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The fate of antibiotics and anticancer drugs in the aquatic environment - Evaluating the photolysis of ciprofloxacin and monitoring the course of its genotoxicity by a combination of experimental and in silico testing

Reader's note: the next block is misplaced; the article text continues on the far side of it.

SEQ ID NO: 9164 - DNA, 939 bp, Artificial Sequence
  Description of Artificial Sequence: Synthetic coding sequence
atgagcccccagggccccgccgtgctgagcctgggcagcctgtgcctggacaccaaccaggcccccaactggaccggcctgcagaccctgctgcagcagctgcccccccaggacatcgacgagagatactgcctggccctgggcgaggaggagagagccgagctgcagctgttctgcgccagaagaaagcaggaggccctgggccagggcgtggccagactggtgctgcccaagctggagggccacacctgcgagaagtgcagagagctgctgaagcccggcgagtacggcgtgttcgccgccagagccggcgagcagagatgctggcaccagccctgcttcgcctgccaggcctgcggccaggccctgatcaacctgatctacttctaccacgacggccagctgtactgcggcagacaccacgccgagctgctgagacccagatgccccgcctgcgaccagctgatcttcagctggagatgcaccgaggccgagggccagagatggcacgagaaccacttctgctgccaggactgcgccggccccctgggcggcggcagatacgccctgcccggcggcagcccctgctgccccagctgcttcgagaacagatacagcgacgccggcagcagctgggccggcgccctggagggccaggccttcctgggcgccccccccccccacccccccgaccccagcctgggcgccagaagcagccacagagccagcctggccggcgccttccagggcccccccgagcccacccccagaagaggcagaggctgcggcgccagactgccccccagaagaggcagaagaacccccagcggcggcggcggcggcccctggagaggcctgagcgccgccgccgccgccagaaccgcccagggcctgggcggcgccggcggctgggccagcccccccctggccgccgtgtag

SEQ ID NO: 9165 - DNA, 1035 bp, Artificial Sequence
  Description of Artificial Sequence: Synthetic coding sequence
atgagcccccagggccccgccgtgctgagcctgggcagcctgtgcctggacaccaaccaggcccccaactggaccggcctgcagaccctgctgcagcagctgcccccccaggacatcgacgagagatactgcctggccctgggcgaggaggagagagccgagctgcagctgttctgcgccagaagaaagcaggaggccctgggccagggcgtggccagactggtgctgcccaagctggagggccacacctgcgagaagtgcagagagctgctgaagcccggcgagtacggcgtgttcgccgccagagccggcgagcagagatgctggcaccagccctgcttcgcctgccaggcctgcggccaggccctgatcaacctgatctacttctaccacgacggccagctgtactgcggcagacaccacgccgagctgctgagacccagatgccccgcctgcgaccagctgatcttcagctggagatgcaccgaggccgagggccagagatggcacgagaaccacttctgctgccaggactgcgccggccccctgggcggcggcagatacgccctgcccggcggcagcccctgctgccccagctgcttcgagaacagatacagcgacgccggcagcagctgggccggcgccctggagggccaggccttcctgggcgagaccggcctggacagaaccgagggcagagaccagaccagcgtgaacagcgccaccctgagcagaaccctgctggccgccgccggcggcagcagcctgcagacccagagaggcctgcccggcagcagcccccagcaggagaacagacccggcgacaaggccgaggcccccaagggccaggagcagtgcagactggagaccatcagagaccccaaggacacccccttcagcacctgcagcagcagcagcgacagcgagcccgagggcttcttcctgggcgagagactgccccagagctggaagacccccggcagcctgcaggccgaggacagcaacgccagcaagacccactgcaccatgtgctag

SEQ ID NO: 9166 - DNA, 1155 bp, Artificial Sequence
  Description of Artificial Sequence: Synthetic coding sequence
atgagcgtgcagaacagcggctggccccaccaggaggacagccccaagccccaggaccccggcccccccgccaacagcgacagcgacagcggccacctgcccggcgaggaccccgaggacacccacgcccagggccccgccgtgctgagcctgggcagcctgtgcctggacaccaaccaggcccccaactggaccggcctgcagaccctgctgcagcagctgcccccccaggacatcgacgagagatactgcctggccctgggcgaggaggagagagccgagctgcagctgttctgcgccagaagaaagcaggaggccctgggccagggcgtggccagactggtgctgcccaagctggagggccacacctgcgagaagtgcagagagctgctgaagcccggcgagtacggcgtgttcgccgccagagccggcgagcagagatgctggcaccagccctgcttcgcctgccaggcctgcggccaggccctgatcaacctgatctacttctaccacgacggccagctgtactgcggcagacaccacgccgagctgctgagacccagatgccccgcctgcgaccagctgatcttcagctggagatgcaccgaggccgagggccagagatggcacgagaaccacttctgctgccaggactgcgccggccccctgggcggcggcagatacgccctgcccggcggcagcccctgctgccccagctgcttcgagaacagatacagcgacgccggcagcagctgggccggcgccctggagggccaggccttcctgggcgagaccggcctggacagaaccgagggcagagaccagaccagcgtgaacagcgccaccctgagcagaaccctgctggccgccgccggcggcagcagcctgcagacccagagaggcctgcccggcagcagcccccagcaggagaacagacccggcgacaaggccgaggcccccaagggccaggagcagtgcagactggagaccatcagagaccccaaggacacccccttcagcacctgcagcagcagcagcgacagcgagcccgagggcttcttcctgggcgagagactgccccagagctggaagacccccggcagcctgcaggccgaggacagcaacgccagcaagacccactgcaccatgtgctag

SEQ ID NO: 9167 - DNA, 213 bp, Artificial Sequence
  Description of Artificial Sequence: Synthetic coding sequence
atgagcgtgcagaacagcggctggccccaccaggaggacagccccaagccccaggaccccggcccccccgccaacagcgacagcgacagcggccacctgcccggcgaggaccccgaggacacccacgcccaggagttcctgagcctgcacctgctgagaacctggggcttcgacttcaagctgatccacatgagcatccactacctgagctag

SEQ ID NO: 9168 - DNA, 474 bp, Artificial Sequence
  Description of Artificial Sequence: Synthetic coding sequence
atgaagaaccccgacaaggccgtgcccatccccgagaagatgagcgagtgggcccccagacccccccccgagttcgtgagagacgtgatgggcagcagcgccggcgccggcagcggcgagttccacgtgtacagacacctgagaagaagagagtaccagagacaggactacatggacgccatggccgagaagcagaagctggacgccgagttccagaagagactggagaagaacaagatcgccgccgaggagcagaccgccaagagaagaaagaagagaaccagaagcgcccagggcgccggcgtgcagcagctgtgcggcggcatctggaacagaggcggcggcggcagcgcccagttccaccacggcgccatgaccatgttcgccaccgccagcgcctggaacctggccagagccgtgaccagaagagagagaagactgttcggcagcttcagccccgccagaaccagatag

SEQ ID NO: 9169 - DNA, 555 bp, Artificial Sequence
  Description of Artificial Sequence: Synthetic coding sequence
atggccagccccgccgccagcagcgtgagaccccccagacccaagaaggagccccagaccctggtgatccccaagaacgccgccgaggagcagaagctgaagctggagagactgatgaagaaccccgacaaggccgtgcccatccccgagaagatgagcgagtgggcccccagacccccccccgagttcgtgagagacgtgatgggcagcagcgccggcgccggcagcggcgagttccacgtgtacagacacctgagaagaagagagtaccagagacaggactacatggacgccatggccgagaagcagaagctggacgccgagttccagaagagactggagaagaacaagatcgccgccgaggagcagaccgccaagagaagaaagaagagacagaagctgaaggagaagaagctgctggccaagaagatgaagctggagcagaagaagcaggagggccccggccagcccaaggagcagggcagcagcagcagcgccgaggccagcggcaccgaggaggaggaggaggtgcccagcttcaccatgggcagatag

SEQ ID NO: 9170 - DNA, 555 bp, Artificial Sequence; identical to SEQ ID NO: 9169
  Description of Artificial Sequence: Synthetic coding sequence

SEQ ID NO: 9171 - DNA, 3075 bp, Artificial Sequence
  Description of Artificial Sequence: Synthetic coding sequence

• After being administrated to humans or animals, pharmaceuticals may be metabolized by a variety of mechanisms and pathways within the body. Once these compounds and/or their metabolites are excreted, they may undergo degradation in the aquatic environment. Unfortunately, a rapid and complete mineralization cannot always be guaranteed, whereas relatively stable transformation products (TPs) may be formed. The largest part of older studies focused on investigation of the elimination kinetics of parent compounds without considering the amount and chemical structure of individual TPs. Only recently, there is an increasing trend to deliver such information. Nevertheless, since drugs are defined as significant environmental pollutants, it is not only important to elucidate their TPs, but also necessary to investigate whether these formed compounds preserve the same mode of action as the parent compound or are even more toxic. Thus, two main objectives of this thesis can be formulated. Firstly, to highlight the concern originated by metabolites and transformation products of pharmaceuticals that contaminate the environment. Hereby, the already-published knowledge on TPs within a certain selection of drugs is assessed to exemplify the number and quality of the existing information on their TPs. Secondly, to particularly investigate the fate of the antibiotic ciprofloxacin (CIP). This is done by (a) evaluating the suitability and sustainability of the photolytic decomposition as an advanced water treatment technique, (b) monitoring the course of genotoxicity of the irradiated mixtures using a battery of genotoxicity and cytoxicity in vitro assays, and (c) considering the potential genotoxicity for CIP´s individual TPs by the employment of in silico approaches using quantitative structure activity relationships (QSAR) models. This thesis based on the results and conclusions of five articles, which can be found in the appendix. A systematic literature review was conducted on the current state of knowledge on pharmaceuticals and its derivatives in the environment. Two groups, namely antibiotics and anticancer drugs, were considered more closely with respect to the availability of chemical structures for their TPs. Furthermore, the photodegradation of CIP as well as a preliminary toxicity assessment of its identified TPs were investigated in three research papers. An extensive review with a table at its core shows the existing data on 158 TPs, which already have an assigned registry number in chemical abstracts service (CAS-RN), was presented. In total, 294 TPs, identified with chemical structures in the literature, were found for 15 compounds out of the 21 that were selected as target compounds. Eleven TPs, created from CIP, were identified by high-performance liquid chromatography/high-resolution multiple-stage mass spectrometry. It was detected that the transformation of CIP mainly occurred through substitution of fluorine, defluorination, hydroxylation of the quinolone core and the breakdown of the piperazine ring. Some of the identified TPs of CIP were predicted as genotoxic by QSAR analysis, while the experimental testing for a few genotoxic and cytotoxic endpoints showed that the potential of the resultant mixtures could be primarily dependent on the concentration of residual CIP. In contrast, irradiation mixtures were neither mutagenic in the Ames Test nor genotoxic in the in vitro Micronucleus Test. It is possible that the effect of the TPs was masked by antagonistic mixture interactions and/or they were not formed at effectively concentrations. Nevertheless, all of the identified TPs of CIP still retained the core quinolone moiety, which is responsible for the biological activity. Thus, a more comprehensive assessment, encompassing more genotoxic endpoints, chemical analysis characterization and exposure analyses, needs to be conducted. Information available on TPs demonstrates that already slight changes in treatment conditions and processes result in the formation of different TPs. Nevertheless, most of the transformation products could neither be identified nor fully assessed regarding their toxicity. This, in turn, presents a major challenge for the identification and assessment of TPs. Hence, from a practical and sustainability point of view, limiting the input of pharmaceuticals into effluents as well as improving their (bio)degradability and elimination behavior, instead of only relying on advanced effluent treatments, is urgently needed. Solutions that focus on this